By: Jackson Sharman
Amnesty International announced on May 7 that it was reapplying the “prisoner of conscience” label to Russian dissident Alexei Navalny.
The human rights group removed the designation in February because of “concerns relating to discriminatory statements he made in 2007 and 2008 which may have constituted advocacy of hatred.”
Specifically, critics of Navalny point to videos that contain disturbing imagery. In one, Navalny is dressed as a dentist and talks about how interethnic conflict in Russia is a cavity. He goes on to say fascism can only be prevented by deporting migrants from Russia.
According to Leonid Volkov, who runs the political-organizing part of Navalny’s organization, Navalny regrets making the dentist video. But because he has never denounced his past statements, and left the videos up on the internet, accusations of ethno-nationalism cling to Navalny as he continues his fight against corruption in Russia.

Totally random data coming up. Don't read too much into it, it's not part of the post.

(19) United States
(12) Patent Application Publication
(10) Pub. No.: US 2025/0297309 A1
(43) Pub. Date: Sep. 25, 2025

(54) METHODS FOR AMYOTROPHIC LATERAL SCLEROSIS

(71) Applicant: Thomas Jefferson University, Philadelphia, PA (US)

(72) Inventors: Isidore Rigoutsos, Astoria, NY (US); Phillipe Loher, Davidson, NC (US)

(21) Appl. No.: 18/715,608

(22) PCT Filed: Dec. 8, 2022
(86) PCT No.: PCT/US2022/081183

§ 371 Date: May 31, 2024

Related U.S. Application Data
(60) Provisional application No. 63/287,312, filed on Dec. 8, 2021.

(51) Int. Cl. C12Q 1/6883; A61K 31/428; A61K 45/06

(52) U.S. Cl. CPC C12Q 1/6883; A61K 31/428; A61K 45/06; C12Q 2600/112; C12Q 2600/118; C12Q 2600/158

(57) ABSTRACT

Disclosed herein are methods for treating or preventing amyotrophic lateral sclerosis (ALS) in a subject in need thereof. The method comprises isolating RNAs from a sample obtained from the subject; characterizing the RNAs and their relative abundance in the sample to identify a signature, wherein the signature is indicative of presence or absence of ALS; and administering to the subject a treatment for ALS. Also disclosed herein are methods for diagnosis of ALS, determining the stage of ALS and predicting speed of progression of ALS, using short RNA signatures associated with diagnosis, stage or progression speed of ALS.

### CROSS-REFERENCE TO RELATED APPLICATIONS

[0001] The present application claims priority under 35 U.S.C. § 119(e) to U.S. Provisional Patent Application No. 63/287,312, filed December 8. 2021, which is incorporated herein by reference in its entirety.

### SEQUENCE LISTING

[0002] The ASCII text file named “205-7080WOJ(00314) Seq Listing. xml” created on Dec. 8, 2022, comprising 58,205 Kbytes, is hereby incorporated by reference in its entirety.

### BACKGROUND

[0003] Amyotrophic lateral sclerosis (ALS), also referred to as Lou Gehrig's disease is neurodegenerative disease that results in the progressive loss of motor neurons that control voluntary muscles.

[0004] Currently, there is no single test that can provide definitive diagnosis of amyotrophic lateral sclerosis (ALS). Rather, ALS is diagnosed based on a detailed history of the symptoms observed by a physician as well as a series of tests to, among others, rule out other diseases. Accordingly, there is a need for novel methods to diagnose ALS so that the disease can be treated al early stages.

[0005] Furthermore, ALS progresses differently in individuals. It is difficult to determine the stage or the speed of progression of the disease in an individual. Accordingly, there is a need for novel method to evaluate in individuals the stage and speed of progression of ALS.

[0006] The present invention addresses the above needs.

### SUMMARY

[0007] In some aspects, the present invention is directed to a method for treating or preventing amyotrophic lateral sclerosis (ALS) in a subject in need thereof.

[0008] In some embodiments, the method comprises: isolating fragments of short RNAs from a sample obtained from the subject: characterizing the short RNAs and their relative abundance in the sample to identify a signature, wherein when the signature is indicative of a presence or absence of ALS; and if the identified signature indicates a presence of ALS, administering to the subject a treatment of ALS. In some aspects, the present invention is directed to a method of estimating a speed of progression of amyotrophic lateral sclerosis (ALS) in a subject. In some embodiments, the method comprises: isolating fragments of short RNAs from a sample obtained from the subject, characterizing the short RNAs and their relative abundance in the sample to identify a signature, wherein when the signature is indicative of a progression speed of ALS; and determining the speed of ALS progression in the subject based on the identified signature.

The Kremlin has made it a point of bringing up Navalny’s past statements in order to decrease his support both inside and outside of Russia. Amnesty International denied that both their initial decision and reversal were made due to outside pressure. They also apologized for their decision to strip Navalny of the label and condemned the Russian government’s treatment of him.
Temporarily losing Amnesty International’s designation as a “prisoner of conscience” was not the only setback Navalny has faced in recent months.
Earlier this week, Russia’s parliament adopted legislation that bans members of “extremist” organizations from being elected to political office. While Russian officials have denied that the law targets any group specifically, the bill will impact both Navalny’s political network, known as Navalny Headquarters, as well as the tens of thousands of Russians that have donated to his effort.
In April, Russian officials added Navalny Headquarters to a database of terrorist organizations. Shortly after, members of Navalny’s political network announced they were shutting down their 40 regional offices.
But Navalny said he would continue his fight. It is doubtful that the move will wipe out Navalny’s group, and his supporters will likely move their efforts underground. The proposed law is the latest in a series of measures that Russian President Vladimir Putin is taking to rid himself of Navalny and his supporters.